“Importantly, the reforms were developed by the government in close partnership with REINSW and will ensure NSW produces the highest quality agents in the country.

“We’re looking forward to working hand in hand with the government as we navigate the path forward,” he said.

CEO at Starr Partners

It’s not a pink slip!

“The education standards at present for our industry are average at best. If our goal is to be recognised as a profession – if we want to be mentioned in the same breath as lawyers, accountants and other professionals – we need to take our education standards more seriously.

“Whereas once it was about ‘what can I learn’, these days it’s about ‘how quickly can I do it’. It’s just not good enough. We need to get serious.

“A Certificate of Registration is not a pink slip. Becoming an agent is not akin to rocking up to your local garage, sipping on an awful cup of coffee and waiting a half hour while they give your car a quick once over. Becoming an agent needs to involve much more than that. It’s a significant step. It’s a commitment.

“I’m not for a minute suggesting that we aim for a standard that only the academically gifted can achieve. Not at all. To do that would mean our industry would miss out on some of its most suited participants.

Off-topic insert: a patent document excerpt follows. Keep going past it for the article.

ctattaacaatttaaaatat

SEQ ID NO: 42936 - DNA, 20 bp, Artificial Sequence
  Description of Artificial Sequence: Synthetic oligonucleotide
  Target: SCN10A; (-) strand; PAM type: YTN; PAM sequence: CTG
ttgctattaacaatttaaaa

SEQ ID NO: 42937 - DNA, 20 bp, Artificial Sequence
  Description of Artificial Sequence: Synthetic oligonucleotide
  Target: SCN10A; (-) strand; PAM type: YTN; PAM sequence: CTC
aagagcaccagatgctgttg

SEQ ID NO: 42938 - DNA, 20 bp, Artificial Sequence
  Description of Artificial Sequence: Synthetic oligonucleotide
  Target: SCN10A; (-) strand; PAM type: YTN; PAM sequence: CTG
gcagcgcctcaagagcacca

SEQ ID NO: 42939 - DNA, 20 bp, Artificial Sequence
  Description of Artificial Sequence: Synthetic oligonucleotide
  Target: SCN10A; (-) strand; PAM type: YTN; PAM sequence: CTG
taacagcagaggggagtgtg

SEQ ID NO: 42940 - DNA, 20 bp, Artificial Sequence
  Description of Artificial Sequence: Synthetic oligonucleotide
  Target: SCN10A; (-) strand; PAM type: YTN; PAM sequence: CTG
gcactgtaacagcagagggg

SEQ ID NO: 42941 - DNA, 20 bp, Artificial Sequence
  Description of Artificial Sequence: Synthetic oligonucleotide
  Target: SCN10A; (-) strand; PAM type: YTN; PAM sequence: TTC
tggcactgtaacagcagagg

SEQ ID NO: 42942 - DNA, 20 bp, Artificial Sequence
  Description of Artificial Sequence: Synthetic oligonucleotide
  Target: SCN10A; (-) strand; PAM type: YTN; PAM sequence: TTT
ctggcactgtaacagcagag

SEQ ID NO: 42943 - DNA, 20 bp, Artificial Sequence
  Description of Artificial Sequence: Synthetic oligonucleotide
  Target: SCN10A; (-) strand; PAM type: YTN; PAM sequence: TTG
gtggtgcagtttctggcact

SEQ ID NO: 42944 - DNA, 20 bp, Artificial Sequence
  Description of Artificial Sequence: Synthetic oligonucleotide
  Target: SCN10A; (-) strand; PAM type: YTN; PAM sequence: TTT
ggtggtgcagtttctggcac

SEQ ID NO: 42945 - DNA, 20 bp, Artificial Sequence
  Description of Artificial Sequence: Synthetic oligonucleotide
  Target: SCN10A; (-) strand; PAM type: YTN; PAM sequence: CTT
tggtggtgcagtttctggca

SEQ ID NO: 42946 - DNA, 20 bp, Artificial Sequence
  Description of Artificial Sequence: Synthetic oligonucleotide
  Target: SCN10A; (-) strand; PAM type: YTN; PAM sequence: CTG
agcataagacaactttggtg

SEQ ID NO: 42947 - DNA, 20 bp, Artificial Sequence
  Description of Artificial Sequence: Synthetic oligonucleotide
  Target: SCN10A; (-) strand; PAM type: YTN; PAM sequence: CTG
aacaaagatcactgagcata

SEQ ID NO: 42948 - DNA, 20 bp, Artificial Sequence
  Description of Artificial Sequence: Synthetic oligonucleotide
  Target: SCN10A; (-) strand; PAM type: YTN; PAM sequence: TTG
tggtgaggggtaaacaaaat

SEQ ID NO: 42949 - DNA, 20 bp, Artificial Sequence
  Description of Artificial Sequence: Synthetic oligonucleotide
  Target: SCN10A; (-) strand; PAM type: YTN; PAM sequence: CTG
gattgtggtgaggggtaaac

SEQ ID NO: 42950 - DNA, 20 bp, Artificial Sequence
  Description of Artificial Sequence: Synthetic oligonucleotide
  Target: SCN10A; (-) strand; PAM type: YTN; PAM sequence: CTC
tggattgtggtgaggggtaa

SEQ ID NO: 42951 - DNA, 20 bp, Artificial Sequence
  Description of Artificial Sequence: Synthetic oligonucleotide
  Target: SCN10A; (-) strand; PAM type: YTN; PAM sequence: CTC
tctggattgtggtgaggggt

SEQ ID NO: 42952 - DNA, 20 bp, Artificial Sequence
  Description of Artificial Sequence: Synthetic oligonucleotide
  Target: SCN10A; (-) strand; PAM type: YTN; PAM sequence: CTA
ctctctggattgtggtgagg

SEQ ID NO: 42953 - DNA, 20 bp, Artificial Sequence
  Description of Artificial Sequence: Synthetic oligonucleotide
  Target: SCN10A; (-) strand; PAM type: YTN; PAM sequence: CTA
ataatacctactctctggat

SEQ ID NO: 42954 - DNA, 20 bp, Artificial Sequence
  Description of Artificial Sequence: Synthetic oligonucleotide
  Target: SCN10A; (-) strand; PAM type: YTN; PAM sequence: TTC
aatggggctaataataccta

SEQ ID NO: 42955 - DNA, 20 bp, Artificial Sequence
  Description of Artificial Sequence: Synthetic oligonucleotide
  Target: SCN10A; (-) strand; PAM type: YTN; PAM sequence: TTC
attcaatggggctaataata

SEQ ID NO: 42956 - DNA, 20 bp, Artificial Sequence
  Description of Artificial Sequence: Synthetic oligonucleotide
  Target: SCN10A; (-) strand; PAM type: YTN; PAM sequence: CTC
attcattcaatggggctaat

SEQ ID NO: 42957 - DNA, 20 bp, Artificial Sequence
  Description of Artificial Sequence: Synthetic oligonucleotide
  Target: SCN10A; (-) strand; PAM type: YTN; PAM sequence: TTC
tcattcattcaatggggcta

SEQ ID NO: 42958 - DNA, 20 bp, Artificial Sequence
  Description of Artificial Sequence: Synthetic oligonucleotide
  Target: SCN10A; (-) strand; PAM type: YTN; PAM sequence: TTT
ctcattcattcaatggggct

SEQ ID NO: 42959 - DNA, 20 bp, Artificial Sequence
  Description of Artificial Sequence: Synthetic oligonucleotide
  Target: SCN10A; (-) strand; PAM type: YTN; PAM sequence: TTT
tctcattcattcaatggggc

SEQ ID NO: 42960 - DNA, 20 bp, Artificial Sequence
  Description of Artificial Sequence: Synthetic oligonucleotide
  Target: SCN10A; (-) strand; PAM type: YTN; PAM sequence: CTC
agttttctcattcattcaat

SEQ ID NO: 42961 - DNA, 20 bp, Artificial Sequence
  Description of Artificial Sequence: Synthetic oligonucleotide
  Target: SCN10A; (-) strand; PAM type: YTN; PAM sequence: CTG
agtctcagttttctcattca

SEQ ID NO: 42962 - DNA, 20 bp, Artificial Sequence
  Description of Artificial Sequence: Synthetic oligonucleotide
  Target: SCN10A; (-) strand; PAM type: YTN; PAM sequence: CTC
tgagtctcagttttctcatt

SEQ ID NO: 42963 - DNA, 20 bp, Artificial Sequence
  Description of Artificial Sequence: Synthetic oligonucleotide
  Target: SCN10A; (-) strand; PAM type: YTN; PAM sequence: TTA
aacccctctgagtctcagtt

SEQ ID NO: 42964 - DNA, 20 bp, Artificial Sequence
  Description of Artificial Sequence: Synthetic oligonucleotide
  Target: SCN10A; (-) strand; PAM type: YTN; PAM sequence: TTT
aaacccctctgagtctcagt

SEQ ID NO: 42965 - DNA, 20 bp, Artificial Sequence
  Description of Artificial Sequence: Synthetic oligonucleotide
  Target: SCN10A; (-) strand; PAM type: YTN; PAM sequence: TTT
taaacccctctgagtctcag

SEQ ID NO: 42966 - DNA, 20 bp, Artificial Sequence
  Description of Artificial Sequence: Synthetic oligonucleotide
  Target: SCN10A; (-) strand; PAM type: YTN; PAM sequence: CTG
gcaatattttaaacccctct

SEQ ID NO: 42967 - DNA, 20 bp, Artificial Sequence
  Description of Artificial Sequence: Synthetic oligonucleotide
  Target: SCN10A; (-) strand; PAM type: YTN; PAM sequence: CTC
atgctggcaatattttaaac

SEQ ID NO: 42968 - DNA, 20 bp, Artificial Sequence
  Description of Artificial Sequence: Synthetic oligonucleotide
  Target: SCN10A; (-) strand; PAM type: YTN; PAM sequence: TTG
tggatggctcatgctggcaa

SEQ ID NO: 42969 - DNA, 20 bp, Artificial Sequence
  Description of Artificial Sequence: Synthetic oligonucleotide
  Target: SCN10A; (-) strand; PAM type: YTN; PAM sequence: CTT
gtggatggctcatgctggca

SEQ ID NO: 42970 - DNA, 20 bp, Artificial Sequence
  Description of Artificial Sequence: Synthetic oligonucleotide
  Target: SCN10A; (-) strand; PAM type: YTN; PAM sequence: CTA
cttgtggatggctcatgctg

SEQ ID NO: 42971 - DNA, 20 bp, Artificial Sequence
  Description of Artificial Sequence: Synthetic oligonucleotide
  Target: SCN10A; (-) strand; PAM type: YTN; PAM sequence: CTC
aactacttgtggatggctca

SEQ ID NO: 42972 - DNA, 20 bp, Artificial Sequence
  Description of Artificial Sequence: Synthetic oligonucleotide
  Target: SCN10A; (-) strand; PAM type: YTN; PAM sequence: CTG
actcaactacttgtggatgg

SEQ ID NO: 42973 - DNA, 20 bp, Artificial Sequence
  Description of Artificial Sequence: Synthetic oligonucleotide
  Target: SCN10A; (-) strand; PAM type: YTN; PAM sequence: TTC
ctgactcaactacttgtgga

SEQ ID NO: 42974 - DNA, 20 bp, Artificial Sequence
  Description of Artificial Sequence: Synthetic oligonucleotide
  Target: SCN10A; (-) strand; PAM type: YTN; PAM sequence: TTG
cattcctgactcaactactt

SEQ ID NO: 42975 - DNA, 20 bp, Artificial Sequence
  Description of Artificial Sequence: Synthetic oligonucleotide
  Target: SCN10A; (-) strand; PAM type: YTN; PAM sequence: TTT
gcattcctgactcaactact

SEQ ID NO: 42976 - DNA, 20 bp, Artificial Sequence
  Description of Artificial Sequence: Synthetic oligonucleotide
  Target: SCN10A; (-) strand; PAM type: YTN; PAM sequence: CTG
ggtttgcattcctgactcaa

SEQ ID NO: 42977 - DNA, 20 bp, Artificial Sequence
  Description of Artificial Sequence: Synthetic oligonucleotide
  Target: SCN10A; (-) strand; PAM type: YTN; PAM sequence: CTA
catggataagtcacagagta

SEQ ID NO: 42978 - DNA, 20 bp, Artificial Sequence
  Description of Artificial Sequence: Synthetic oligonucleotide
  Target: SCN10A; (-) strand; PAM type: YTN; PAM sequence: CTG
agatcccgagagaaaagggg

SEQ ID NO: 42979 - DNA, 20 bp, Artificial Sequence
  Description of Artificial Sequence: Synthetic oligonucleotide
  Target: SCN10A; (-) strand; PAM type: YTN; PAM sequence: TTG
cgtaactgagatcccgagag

“But we have to stop looking at ourselves in the mirror. As an industry, we spend a lot of time looking in the mirror – pumping ourselves up and telling ourselves how good we are. And we do training that feeds that mentality.

“It’s time to convert those mirrors into windows. We need to start looking beyond ourselves. We need to look outwards. What does the market expect from us and how can we add value to the client relationship and the transaction?

“What it ultimately comes down to is that we need to invest in ourselves. We need to invest time and effort in our own education on an ongoing basis. Only by doing that can we elevate ourselves and truly add value.

“Why should a consumer be prepared to invest in us if we’re not willing to invest in ourselves?”

Getting back on track
Mr Cunningham said raising the level of qualifications required to become and remain a real estate agent will have a number of positive flow-on effects.